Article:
Re: [tcpm] Comments on draft-ietf-tcpm-accurate-ecn

"Scheffenegger, Richard" <> Sat, 14 July 2018 06:33 UTC

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To: Bob Briscoe <>, Yuchung Cheng <>, =?UTF-8?Q?Mirja_K=c3=bchlewind?= <>
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From: "Scheffenegger, Richard" <>
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Date: Sat, 14 Jul 2018 08:32:40 +0200
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Subject: Re: [tcpm] Comments on draft-ietf-tcpm-accurate-ecn
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Yuchung, Bob,

I really like this discussion!

Two points:

Am 14.07.2018 um 02:52 schrieb Bob Briscoe:
> Yuchung,
> On 13/07/18 21:45, Yuchung Cheng wrote:
>> On Fri, Jul 13, 2018 at 12:42 PM, Mirja Kühlewind
>> <>  wrote:
>>> Hi Yuchung,
>>>> Am 13.07.2018 um 15:30 schrieb Yuchung Cheng<>om>:
>>>> On Fri, Jul 13, 2018 at 11:53 AM, Mirja Kühlewind
>>>> <>  wrote:
>>>>> Hi Yucheng,
>>>>> please see below.
>>>>>> Am 13.07.2018 um 14:38 schrieb Yuchung Cheng<>om>:
>>>>>> hi --
>>>>>> I agree:
>>>>>> 1. delayed/streched ACK aren't going away (in fact will be more common)
>>>>>> 2. GRO isn't and should not be a show-stopper
>>>>>> 3. SYN option is running tight
>>>>>> 4. HW opt comes after SW
>>>>>> I worry:
>>>>>> 1. GRO is a unavoidable issue in deployment (let's not produce an
>>>>>> undeployable RFC). the ACE counter won't work as GRO can pack up to
>>>>>> 64KB/MTU =~ 45 pkts under heavy congestion.
> [BB] I'm really not expert on offload, but I thought GRO collects (or 
> can be made to collect) a set of fields from the headers it strips off?
> If I'm wrong (quite likely), bear in mind the following:
> * you only need the ACE counter (main header) when the AccECN Option is 
> being stripped by a middlebox
> * on those connections that need ACE (cos of middlebox meddling) 
> couldn't GRO be limited to 8 packets, at least while experimenting with 
> AccECN to see if it is useful and gather data?

[RS @ Group] To be pedantic, GRO can coalesce packets, until the ACE 
counter has increased by 7 counts (one less than the previously 
delivered "superpacket"). Under heavy CE marking, this may be as few as 
7 or 8 packets, correct. However, this is when the network expiriences 
congestion. Thus "slowing things down" by reducing the processing speed 
on the client is not an acute problem IMHO - as a slightly delayed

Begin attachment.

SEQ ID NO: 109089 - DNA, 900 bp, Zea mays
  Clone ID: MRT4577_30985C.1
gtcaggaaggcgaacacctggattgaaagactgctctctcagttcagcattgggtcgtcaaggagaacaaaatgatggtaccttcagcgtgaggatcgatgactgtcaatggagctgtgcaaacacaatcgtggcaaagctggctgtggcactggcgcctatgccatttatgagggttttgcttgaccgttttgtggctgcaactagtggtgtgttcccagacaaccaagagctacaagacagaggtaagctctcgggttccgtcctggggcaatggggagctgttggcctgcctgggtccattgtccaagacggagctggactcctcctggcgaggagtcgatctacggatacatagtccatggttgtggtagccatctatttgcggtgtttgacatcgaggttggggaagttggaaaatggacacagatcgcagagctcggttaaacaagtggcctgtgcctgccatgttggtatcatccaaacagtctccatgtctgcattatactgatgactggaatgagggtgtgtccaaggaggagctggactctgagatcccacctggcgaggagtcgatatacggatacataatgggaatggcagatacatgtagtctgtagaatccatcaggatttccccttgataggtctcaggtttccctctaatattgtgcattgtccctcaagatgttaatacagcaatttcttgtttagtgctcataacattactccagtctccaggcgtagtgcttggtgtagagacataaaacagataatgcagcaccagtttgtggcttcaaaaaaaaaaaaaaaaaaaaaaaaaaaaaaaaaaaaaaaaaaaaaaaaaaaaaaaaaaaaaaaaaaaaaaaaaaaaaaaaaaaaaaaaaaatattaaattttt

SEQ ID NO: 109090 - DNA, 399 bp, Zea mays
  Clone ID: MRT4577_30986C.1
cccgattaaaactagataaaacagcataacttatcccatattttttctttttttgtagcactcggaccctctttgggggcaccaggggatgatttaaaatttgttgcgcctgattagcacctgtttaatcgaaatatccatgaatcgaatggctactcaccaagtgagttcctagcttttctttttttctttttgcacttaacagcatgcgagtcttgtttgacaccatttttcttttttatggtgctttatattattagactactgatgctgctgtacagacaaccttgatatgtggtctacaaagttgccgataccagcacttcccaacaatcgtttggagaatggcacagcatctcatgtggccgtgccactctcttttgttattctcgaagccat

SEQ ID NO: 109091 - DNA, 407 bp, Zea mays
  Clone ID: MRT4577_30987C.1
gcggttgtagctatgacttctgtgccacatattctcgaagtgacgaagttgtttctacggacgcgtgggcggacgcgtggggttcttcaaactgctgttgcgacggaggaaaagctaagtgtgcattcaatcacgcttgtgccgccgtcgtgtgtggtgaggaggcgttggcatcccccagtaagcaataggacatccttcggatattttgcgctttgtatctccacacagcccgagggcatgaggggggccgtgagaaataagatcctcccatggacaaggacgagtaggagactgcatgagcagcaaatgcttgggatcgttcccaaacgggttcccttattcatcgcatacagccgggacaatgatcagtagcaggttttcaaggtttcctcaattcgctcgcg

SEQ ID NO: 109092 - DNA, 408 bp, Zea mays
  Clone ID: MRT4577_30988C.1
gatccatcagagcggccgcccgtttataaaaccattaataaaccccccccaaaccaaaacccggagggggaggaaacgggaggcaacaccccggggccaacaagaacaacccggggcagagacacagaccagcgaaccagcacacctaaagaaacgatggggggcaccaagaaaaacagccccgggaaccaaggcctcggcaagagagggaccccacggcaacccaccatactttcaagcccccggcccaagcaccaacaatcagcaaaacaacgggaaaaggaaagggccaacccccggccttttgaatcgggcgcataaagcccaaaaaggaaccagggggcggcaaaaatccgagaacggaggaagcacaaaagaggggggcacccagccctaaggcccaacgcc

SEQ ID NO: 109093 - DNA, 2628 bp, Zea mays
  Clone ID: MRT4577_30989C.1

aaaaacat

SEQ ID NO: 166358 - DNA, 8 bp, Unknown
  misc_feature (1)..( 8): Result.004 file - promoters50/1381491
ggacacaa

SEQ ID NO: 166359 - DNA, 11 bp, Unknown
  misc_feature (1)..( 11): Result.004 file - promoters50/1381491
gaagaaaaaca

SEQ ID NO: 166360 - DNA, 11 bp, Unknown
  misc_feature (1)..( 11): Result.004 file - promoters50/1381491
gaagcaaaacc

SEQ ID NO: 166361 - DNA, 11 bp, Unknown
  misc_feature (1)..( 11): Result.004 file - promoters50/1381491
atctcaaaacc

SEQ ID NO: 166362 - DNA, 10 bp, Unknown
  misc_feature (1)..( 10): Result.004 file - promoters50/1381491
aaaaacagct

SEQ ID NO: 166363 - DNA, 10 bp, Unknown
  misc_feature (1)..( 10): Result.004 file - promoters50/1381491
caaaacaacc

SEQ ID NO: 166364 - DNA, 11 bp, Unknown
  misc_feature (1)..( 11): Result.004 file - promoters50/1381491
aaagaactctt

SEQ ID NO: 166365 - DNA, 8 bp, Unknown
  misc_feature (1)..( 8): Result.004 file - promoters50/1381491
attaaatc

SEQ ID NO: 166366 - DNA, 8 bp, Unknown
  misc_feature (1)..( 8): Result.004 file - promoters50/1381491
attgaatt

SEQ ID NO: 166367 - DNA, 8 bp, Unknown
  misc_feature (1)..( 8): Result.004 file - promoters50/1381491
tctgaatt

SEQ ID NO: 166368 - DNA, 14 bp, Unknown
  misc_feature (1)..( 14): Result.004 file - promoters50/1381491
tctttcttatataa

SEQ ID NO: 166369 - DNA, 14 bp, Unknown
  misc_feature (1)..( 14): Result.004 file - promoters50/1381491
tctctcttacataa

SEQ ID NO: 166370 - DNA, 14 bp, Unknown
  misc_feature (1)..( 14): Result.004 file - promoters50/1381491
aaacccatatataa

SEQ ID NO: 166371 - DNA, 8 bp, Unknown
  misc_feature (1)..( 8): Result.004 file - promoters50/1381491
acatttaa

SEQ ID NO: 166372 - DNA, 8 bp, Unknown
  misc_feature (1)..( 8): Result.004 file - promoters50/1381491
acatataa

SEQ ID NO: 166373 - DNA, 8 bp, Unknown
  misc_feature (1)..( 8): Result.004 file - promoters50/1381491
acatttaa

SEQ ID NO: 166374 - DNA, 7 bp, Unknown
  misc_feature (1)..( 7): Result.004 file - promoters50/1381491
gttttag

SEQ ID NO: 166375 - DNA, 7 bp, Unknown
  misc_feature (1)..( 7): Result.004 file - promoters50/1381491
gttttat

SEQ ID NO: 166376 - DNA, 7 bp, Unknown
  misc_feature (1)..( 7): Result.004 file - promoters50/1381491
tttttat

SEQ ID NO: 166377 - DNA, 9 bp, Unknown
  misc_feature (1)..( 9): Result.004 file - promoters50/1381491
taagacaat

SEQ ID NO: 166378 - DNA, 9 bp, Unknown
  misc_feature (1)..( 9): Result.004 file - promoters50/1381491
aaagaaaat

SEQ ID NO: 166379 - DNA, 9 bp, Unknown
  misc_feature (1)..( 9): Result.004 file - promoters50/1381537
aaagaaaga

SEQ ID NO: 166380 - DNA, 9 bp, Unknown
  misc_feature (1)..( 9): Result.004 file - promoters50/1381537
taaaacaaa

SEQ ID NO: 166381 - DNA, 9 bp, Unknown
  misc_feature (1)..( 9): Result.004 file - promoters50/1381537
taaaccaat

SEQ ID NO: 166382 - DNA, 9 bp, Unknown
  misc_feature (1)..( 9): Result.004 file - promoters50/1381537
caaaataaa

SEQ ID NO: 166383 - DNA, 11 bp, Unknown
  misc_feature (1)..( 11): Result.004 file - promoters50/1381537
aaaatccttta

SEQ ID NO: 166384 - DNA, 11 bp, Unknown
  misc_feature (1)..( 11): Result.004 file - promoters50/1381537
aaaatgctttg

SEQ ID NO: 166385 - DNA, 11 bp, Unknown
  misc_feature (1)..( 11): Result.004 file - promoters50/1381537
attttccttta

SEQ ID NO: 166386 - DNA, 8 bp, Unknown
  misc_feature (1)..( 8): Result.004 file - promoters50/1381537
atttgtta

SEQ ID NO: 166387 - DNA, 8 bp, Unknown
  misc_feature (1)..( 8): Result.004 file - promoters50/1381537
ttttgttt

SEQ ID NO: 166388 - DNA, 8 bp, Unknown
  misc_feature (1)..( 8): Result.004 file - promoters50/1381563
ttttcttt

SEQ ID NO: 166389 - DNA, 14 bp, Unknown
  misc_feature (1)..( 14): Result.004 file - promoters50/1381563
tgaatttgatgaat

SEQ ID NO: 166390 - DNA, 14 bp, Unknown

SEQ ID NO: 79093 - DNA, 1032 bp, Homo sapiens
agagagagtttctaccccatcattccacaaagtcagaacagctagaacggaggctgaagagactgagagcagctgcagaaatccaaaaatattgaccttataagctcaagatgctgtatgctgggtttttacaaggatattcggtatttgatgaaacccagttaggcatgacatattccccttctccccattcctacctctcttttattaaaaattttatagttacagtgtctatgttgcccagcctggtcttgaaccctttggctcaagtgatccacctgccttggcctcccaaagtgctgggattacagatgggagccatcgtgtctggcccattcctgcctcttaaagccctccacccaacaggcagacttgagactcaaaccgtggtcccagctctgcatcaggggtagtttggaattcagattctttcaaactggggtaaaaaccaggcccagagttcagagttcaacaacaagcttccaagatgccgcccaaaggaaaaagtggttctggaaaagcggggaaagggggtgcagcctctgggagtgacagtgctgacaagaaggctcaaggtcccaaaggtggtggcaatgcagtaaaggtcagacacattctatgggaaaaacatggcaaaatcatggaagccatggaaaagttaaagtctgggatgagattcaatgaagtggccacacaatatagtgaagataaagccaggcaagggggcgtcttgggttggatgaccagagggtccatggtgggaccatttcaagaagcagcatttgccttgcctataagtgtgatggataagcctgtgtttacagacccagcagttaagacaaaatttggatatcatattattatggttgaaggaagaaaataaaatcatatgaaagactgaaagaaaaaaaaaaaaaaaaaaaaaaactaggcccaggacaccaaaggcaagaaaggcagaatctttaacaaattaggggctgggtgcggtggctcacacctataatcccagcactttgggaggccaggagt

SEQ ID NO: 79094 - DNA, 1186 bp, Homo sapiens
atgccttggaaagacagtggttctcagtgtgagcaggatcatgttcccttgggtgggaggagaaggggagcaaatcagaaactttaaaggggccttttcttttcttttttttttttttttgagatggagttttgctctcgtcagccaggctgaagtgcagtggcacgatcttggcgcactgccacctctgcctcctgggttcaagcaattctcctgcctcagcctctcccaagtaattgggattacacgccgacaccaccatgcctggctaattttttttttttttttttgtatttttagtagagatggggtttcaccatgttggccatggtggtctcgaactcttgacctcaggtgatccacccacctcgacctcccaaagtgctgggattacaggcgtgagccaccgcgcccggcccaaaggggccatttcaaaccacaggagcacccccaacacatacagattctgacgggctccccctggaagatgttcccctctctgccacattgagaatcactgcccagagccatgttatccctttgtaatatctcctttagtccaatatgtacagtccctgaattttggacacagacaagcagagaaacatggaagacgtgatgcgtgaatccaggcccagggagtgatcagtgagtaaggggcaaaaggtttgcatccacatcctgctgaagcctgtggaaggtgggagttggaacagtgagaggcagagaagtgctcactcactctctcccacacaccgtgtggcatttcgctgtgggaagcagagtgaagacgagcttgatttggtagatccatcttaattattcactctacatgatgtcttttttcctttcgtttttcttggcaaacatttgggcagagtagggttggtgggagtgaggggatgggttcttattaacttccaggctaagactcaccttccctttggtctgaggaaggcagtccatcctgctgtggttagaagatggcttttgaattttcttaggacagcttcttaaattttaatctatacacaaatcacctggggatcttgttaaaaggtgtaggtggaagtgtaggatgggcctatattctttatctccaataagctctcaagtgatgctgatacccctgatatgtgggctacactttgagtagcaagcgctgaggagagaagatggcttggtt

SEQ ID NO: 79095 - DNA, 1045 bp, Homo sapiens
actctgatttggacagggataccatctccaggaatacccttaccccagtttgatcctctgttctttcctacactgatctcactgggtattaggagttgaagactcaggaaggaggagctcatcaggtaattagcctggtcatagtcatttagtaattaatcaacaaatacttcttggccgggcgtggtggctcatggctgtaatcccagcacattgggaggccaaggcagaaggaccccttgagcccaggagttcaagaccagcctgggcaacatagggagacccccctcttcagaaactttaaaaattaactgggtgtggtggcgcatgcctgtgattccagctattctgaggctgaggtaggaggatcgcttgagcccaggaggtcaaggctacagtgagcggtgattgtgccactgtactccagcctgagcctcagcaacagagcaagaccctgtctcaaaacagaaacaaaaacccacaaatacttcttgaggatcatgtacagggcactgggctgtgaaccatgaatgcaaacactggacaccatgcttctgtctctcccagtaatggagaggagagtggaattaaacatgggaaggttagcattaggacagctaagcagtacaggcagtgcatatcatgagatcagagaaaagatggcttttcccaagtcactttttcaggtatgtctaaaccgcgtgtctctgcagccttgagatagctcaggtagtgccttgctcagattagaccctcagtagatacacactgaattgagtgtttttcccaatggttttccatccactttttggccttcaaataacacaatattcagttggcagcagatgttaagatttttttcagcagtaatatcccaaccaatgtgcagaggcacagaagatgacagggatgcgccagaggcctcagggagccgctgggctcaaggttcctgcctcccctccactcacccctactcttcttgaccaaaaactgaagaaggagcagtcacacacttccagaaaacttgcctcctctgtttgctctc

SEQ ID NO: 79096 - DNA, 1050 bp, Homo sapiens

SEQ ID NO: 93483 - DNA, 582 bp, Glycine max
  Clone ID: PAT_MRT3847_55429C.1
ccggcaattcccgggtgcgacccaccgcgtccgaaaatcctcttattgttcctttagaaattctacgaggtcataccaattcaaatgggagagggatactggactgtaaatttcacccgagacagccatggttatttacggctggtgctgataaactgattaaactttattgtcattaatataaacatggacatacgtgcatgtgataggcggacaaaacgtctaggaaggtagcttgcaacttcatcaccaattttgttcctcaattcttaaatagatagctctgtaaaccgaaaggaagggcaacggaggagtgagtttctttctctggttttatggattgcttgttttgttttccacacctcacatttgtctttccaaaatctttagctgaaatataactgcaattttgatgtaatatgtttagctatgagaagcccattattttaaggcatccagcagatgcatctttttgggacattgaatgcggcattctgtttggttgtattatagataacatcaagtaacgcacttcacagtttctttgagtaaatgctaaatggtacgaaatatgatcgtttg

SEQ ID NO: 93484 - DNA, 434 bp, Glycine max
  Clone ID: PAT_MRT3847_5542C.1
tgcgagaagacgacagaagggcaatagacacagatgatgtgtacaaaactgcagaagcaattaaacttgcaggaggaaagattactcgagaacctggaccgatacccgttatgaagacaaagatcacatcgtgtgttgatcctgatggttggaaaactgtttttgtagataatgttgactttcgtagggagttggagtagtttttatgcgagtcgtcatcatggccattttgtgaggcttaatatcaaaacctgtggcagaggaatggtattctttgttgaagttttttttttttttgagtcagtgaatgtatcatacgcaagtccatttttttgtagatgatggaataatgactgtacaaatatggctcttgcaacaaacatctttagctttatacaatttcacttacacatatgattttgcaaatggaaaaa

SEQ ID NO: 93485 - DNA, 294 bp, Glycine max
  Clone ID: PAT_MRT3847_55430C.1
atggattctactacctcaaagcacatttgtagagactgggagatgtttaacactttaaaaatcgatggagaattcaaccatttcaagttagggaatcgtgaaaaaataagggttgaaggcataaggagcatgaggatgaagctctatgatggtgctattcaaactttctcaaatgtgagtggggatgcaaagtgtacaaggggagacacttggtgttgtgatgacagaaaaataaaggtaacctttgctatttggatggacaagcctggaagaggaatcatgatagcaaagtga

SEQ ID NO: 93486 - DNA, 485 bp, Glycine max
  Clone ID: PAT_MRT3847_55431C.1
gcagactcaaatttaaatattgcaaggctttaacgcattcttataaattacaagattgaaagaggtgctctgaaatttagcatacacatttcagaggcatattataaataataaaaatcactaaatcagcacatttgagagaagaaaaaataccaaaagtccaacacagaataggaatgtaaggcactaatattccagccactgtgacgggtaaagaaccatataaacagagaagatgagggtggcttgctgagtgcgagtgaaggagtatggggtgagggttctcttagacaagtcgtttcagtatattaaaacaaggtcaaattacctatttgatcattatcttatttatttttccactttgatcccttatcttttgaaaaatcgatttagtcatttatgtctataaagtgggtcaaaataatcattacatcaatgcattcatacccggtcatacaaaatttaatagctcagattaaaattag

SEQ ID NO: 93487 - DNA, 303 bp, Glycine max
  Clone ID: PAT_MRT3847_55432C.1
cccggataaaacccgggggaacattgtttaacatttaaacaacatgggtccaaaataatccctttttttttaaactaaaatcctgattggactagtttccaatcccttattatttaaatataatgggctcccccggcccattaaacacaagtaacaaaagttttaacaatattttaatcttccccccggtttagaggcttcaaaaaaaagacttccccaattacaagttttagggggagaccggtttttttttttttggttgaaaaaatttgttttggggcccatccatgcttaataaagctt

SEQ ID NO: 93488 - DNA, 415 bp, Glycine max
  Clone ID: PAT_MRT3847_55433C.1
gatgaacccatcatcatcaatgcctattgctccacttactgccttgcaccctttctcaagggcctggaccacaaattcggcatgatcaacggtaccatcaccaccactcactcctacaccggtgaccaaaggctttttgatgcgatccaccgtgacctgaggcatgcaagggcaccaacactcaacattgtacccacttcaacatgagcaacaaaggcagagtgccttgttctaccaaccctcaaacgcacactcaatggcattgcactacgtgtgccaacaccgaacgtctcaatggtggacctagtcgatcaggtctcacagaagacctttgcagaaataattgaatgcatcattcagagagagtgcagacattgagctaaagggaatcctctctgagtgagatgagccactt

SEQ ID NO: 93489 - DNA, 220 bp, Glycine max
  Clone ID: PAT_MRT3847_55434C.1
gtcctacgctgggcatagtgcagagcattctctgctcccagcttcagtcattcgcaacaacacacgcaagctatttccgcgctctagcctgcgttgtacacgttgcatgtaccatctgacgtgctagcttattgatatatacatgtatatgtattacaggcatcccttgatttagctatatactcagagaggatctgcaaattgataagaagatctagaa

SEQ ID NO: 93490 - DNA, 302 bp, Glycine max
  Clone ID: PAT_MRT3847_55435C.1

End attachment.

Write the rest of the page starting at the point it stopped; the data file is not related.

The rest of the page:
ACKing would implicitily also reduce the sending speed somewhat.

With many flows, higher RTTs etc, I would expect GRO to be able to 
coalesce many more than just 7 packets.


 >>>> 3. Leave ACE-count and ACE option optional (i.e. MAY)
 >>> I don’t understand this. If both is optional, you don’t have any 
feedback. Or what do you mean by „leave ACE-count optional“?
 >> use-case: We can negotiate DCTCP-style ECN for the internet.
 >> Then interested parties can progressively experiment on more accurate
 >> "options" (!= TCP-option)

>>>>>> 3. Leave ACE-count and ACE option optional (i.e. MAY)
>>>>> I don’t understand this. If both is optional, you don’t have any feedback. Or what do you mean by „leave ACE-count optional“?
>>>> use-case: We can negotiate DCTCP-style ECN for the internet.
>>>> Then interested parties can progressively experiment on more accurate
>>>> "options" (!= TCP-option)
 >>> As Appendix A of RFC7560 says I don’t think it is a safe option for 
 >>> the Internet where packet loss more likely then in a full
 >>> ECN-enabled data center.
 >>> Again I disagree RFC7560 Appendix A is a big problem based on my
 >>> experience with at times loss-heavy ECN-enabled data-center (Google
 >>> data-center runs very hot and uses a DCTCP-variant).
 >>> We can quabble forever w/o data. That's why I asked for some
 >>> (non-simulation) data.

[RS @ Yuchung] I'm afraid I'm with Mirja's comment (other fork of this 
discussing added here), I don't quite follow what you proposing. An 
AccECN-style negotiation, which is used in conjunction with ECN++ (and 
possibly L4S style ECT-1 marking of all packets instead of ECT-0?). But 
how do you envision the feedback scheme? Like the DCTCP-like state 
machine to send change-triggered ACKs, and stretches of ECE and non-ECE 
marked TCP header bits? (Which does not cater well for ACK thinning, ACK 

However, I think I see where you are coming from. Let me try to 
summarize what I assume here:

With DCTCP-style feedback in a datacenter, and some level of ACK losses, 
the sender-side estimation of the CE levels with with equal probability 
over- and under-estimated the marking levels during one specific RTT. If 
the sender underestimated congestion, the network will provide a higher 
marking level during the next RTT, and thereby correct the false 
estimate. On overestimation, the flow would only have reduced its 
sending rate more than necessary, and regular CA across all flows of 
that bottleneck link will readily make use of that free bandwidth. All 
of that happening in datacenter-typical RTTs of a few dozend nanoseconds 
to a few microseconds... So any deviation will only persist for a very 
short period of time, while most flows have very similar RTTs.

Now, the problem space AccECN tries to address includes the public 
internet, with RTTs over a bottleneck, that vary many orders of 
magnitude potentially. Thus the goal should be to avoid the over- and 
more so, the under-estimation of congestion as much as possible already 
within the first RTT.

Or summarized differently, in a datacenter, small errors in congestion 
estimation have a predictable, very short life-time until they will be 
corrected. On the public internet, it is a better approach to try and 
avoid an estimator error on congestion as good as possible, as these 
errors would result in more unfairness among flows.

I hope that is a fair summary, but please expand on how/what your 
feedback scheme would encompass.

Best regards,